- You cut your leg, Vic.
Yeah, but it's superficial.
I can feel the platelets already gonna take care of it.
I can feel that.
I can fix that with a get-well sticker.
- Let us check it out.
- It'll only take a minute.
All right, all right.
Okay, okay.
I get it.
It's funny, guys.
The joke's on me.
I get it.
Everybody's laughing.
Okay, now get it off me, okay? Come on.
Get it off.
- Four of Ativan.
- Take it off me! Take it off! - Five of Haldol, IV push.
- Get it off me! Abby, you can't give me Haldol.
You can't give me Haldol, Abby.
I'm not crazy.
You understand? - It's okay.
It's okay.
- X-ray, come here, buddy.
Come here.
These freaking chicks are losing their mind.
- Come over here, help me, man.
- Get Luka.
What, are you gonna amputate my leg? Oh, that's it.
Run to Daddy, you little bitch.
Run to Daddy, little bitch.
Sam, don't you dare.
Don't you dare, Sam.
- Sam, don't you dare.
- Just try to relax.
Settle down, doc.
Settle down.
See? He said I'm a doc.
You heard him.
I'm a doc- I'm a doctor, not a freaking patient.
Abby, I'm your Attending.
You hear me? I'm your Attending.
- Do no harm, Abby.
Do no harm, Abby.
- I know.
I know.
I'm an Attending at Hey.
I thought it would be okay.
Do you mind? Oh, sure.
- Sean, you want some more Jell-O? - Can I? Yeah, we got tubs of it downstairs.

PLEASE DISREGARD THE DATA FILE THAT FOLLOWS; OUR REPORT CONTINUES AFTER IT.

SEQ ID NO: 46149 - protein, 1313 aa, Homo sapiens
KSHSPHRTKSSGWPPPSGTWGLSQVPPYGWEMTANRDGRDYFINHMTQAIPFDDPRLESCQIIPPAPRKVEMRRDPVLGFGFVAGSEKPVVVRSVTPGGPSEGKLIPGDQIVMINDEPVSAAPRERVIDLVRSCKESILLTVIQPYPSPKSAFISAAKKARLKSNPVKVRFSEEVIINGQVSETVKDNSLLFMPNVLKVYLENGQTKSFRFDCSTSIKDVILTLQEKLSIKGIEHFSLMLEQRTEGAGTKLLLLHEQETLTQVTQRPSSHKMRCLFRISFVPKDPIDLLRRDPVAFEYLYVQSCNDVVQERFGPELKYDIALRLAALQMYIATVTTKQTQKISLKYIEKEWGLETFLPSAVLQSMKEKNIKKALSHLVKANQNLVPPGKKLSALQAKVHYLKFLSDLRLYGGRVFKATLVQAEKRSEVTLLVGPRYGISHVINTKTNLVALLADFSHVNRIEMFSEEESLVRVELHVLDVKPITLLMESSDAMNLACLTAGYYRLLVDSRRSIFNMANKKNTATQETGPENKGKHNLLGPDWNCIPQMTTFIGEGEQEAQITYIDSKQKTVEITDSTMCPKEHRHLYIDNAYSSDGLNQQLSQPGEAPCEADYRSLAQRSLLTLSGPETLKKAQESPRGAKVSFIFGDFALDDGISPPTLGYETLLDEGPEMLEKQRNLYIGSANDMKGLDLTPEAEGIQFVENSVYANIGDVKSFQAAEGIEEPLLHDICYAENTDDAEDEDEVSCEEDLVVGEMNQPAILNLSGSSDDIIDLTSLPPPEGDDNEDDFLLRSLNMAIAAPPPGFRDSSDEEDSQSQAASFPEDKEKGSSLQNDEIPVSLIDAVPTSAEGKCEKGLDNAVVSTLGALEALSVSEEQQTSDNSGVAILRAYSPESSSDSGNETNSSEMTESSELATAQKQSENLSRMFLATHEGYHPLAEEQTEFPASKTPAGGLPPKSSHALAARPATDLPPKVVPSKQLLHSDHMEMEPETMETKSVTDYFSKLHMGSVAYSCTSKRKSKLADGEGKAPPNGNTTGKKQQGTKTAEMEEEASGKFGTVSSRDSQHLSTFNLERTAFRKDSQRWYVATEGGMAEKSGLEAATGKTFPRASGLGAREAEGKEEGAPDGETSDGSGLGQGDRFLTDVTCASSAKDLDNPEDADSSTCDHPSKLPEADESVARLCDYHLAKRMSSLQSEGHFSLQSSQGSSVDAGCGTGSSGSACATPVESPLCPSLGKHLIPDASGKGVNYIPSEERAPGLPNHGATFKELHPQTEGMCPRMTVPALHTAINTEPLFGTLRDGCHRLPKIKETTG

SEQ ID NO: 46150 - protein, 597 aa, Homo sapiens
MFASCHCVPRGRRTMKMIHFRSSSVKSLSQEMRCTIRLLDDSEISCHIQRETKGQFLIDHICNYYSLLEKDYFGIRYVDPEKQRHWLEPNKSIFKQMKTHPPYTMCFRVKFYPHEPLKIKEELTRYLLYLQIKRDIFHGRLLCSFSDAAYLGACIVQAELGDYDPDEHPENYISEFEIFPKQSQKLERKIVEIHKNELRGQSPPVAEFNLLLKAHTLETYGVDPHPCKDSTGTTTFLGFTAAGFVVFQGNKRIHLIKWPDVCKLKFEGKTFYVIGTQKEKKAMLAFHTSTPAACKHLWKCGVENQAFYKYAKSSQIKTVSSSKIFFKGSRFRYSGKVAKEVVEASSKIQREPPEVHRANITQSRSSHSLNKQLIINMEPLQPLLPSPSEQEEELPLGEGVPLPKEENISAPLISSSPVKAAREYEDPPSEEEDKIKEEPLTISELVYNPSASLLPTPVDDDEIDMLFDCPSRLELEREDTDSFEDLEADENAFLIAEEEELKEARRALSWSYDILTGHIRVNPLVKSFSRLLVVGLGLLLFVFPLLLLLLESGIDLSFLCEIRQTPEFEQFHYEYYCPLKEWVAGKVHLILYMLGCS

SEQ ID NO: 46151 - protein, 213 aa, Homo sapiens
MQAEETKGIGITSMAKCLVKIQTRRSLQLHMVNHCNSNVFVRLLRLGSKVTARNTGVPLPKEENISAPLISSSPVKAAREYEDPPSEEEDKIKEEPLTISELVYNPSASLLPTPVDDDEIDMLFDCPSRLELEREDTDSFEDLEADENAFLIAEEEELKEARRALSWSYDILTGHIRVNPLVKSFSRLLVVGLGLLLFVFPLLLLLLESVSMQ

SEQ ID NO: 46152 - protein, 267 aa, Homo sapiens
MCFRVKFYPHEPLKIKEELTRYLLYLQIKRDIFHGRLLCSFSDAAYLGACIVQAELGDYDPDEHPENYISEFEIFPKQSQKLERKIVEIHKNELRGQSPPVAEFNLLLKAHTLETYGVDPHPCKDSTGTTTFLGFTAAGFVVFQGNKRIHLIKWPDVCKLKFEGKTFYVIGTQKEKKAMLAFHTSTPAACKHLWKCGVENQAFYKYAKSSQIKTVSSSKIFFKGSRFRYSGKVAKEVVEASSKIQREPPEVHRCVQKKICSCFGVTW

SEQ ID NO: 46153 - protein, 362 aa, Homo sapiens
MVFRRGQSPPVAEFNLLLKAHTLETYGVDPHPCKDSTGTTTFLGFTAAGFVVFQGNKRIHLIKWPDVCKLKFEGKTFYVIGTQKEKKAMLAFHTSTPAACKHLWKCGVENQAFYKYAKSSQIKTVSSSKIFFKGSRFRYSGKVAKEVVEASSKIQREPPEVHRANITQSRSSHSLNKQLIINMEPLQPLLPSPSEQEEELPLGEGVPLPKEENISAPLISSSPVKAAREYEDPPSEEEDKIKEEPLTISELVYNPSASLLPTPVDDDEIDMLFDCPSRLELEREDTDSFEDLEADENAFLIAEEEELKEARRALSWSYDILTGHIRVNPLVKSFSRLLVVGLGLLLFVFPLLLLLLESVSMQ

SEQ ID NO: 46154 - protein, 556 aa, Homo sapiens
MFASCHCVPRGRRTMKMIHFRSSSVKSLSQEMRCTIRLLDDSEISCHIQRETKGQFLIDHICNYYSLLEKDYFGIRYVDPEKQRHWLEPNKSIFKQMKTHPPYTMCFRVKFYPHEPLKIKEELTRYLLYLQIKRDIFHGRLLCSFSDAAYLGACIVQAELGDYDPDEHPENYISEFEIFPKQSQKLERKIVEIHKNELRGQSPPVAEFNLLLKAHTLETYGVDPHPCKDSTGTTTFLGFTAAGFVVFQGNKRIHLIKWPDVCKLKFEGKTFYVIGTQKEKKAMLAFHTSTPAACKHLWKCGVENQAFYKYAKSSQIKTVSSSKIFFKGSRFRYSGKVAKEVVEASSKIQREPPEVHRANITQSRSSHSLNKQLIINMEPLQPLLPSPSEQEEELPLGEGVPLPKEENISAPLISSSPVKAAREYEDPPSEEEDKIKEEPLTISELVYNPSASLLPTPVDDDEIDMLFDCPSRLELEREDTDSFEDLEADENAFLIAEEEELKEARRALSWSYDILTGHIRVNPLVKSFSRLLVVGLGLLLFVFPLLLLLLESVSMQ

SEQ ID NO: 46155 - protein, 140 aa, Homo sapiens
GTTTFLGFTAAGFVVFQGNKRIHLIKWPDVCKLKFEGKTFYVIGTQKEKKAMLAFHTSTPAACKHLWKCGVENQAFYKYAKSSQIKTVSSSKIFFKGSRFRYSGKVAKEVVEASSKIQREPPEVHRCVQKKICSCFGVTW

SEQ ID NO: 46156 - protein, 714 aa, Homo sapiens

I'll be back in a few minutes.
Eddie's gonna be hungry when he wakes up.
You know, since your mom's away you're gonna have to go stay with a foster family.
Probably until she gets back.
The Fosters? No, their name's not Foster.
That's what they do.
They take care of kids.
Eddie too? No, Eddie's gonna have to stay in the hospital.
Because he's still sick? He's showing signs of improvement though.
And we're gonna have him in a very special part of the hospital that's just for kids and you can visit him there.
What about my dad? His injuries were very, very severe and, um the doctors, they couldn't fix him.
He's dead? Yeah.
I'm afraid so.
- But I didn't mean to kill him.
- I know that.
But I'm gonna go to hell.
- What? - For killing him.
God sends you to hell if you kill someone.
Sean, I think that God makes exceptions if you were trying to save someone else.
Really? Really.
- How is he? - He settled down.
Okay, I'm gonna get out of here.
I'm gonna go to my place, check on Neela.
- Call me.
Let me know how she's doing.
- I will.
- What's with Clemente? - Have to hear what Psych says.
Too bad, I was starting to like the little guy.
Clemente's labs.
Tox screen's negative.
Not so sure that's a good thing.
Come on, guys, let's give Vic some privacy.
We still got a board to clear.
Back to work, everybody.
Do you need me to sign off on anything? No.
Everything okay with you? Yeah.
Why? Well, sometimes it can be a difficult transition coming back to this place.
Yeah, I'll be okay.
I was just a little rattled earlier because of the whole Mike situation.